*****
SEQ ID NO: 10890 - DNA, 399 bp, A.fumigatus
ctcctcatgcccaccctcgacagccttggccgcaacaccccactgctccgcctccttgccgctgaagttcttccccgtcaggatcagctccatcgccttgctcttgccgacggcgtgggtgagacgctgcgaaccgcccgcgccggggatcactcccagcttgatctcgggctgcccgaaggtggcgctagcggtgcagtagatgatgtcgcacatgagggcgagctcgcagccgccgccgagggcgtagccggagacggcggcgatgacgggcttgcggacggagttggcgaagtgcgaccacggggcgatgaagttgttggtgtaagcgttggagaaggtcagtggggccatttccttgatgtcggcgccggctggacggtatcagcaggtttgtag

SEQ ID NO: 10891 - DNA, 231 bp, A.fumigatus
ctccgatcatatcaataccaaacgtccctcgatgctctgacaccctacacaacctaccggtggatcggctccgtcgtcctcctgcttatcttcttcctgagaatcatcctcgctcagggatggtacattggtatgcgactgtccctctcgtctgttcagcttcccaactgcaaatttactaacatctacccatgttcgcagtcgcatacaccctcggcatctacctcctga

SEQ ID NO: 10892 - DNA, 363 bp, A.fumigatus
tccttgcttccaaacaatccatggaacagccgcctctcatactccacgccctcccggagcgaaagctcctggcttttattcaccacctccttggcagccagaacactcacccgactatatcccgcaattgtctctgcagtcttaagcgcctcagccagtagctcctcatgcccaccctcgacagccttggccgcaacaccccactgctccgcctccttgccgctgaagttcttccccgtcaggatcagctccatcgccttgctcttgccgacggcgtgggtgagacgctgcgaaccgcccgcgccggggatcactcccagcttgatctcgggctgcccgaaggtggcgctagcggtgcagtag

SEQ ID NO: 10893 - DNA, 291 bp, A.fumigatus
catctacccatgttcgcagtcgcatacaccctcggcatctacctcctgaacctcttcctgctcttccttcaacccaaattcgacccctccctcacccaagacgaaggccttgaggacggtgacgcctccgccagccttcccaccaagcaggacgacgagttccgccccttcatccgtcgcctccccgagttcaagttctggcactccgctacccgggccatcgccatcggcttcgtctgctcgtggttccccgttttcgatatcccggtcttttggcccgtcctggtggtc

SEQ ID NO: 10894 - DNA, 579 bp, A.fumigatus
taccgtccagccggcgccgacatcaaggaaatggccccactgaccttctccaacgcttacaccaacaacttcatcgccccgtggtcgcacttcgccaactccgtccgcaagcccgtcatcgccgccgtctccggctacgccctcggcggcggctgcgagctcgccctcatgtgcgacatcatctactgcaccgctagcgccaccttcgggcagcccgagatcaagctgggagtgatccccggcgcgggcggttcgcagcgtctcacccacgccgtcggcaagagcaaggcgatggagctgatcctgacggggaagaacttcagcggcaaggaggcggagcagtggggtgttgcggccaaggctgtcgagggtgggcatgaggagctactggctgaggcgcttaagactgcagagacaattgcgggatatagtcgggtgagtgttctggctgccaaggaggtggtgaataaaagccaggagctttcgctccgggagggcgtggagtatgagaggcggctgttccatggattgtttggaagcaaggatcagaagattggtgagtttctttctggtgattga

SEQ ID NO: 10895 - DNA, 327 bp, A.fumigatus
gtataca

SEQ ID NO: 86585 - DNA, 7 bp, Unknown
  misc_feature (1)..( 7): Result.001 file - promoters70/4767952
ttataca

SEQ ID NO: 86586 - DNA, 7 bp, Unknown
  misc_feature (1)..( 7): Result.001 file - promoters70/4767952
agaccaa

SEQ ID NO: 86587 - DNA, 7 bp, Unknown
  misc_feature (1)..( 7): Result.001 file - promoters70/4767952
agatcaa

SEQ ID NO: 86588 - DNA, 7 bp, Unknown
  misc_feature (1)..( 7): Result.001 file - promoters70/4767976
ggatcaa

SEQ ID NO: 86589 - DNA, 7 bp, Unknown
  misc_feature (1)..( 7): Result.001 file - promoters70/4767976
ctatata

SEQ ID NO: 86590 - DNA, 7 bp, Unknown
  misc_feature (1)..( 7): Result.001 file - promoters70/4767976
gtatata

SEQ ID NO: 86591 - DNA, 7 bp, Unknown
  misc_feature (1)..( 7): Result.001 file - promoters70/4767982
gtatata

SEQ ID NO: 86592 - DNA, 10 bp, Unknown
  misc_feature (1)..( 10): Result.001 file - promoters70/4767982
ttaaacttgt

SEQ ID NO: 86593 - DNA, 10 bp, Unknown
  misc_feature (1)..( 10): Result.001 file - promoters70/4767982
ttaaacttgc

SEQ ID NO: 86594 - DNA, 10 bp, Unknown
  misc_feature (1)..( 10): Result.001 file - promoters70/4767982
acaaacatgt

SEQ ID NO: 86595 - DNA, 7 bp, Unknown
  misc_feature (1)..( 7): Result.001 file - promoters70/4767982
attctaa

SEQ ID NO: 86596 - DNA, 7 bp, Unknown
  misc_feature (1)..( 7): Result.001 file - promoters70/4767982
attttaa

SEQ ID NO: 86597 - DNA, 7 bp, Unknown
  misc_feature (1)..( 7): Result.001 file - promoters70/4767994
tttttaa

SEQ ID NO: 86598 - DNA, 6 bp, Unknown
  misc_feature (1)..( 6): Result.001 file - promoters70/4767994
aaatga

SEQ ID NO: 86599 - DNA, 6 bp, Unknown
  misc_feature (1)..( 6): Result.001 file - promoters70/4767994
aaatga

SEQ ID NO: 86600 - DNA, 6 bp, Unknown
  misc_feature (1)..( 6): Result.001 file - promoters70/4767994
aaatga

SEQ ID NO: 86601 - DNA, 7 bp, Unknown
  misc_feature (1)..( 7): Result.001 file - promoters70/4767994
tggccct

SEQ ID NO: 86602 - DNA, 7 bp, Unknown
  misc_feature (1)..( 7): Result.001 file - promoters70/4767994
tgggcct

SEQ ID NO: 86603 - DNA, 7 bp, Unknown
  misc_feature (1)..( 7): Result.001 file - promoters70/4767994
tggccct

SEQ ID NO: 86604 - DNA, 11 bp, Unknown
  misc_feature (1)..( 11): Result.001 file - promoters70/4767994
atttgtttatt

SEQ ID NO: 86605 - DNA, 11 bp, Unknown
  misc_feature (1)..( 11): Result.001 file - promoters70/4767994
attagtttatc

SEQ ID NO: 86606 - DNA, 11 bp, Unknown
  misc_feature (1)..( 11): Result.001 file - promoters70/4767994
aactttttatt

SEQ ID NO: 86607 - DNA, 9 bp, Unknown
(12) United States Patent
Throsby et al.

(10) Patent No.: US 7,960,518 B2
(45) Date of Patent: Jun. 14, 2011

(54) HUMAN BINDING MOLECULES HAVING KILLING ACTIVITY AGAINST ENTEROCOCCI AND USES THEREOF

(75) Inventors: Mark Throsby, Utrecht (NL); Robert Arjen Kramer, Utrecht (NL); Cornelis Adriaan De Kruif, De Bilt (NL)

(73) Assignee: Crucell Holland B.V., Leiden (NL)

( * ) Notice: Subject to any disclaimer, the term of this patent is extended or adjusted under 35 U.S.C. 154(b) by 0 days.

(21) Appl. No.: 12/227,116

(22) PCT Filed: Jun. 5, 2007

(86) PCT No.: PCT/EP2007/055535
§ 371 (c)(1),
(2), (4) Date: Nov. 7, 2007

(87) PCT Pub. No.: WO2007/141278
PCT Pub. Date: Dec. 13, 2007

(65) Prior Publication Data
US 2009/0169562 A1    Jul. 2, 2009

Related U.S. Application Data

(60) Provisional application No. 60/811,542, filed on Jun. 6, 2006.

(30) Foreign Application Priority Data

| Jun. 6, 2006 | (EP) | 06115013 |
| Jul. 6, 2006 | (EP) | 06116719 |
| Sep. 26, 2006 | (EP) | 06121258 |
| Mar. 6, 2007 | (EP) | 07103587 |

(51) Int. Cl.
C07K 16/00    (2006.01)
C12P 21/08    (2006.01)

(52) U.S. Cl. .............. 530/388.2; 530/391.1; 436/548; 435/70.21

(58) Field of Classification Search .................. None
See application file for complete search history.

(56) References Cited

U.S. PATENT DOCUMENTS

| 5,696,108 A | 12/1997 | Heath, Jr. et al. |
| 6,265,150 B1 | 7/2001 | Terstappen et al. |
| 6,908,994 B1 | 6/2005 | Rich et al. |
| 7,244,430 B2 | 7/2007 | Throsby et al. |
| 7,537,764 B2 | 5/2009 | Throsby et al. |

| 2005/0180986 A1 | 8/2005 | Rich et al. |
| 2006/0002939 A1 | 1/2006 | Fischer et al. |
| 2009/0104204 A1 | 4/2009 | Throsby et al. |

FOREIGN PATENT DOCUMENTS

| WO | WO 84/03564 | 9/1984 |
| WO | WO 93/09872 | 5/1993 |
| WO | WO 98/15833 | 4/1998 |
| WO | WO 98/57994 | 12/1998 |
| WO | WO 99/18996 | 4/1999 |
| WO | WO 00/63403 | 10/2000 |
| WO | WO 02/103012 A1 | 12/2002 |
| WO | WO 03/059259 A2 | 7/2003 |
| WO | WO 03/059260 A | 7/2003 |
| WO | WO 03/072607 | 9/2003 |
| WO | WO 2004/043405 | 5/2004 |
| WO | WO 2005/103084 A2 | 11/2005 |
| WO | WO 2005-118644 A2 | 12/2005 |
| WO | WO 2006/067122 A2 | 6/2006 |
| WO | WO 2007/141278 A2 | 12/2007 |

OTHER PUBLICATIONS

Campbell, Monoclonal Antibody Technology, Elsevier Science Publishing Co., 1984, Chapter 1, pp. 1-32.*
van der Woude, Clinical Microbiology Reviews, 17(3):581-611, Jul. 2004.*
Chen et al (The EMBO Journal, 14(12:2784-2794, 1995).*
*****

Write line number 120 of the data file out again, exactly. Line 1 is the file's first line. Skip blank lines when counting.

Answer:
FOREIGN PATENT DOCUMENTS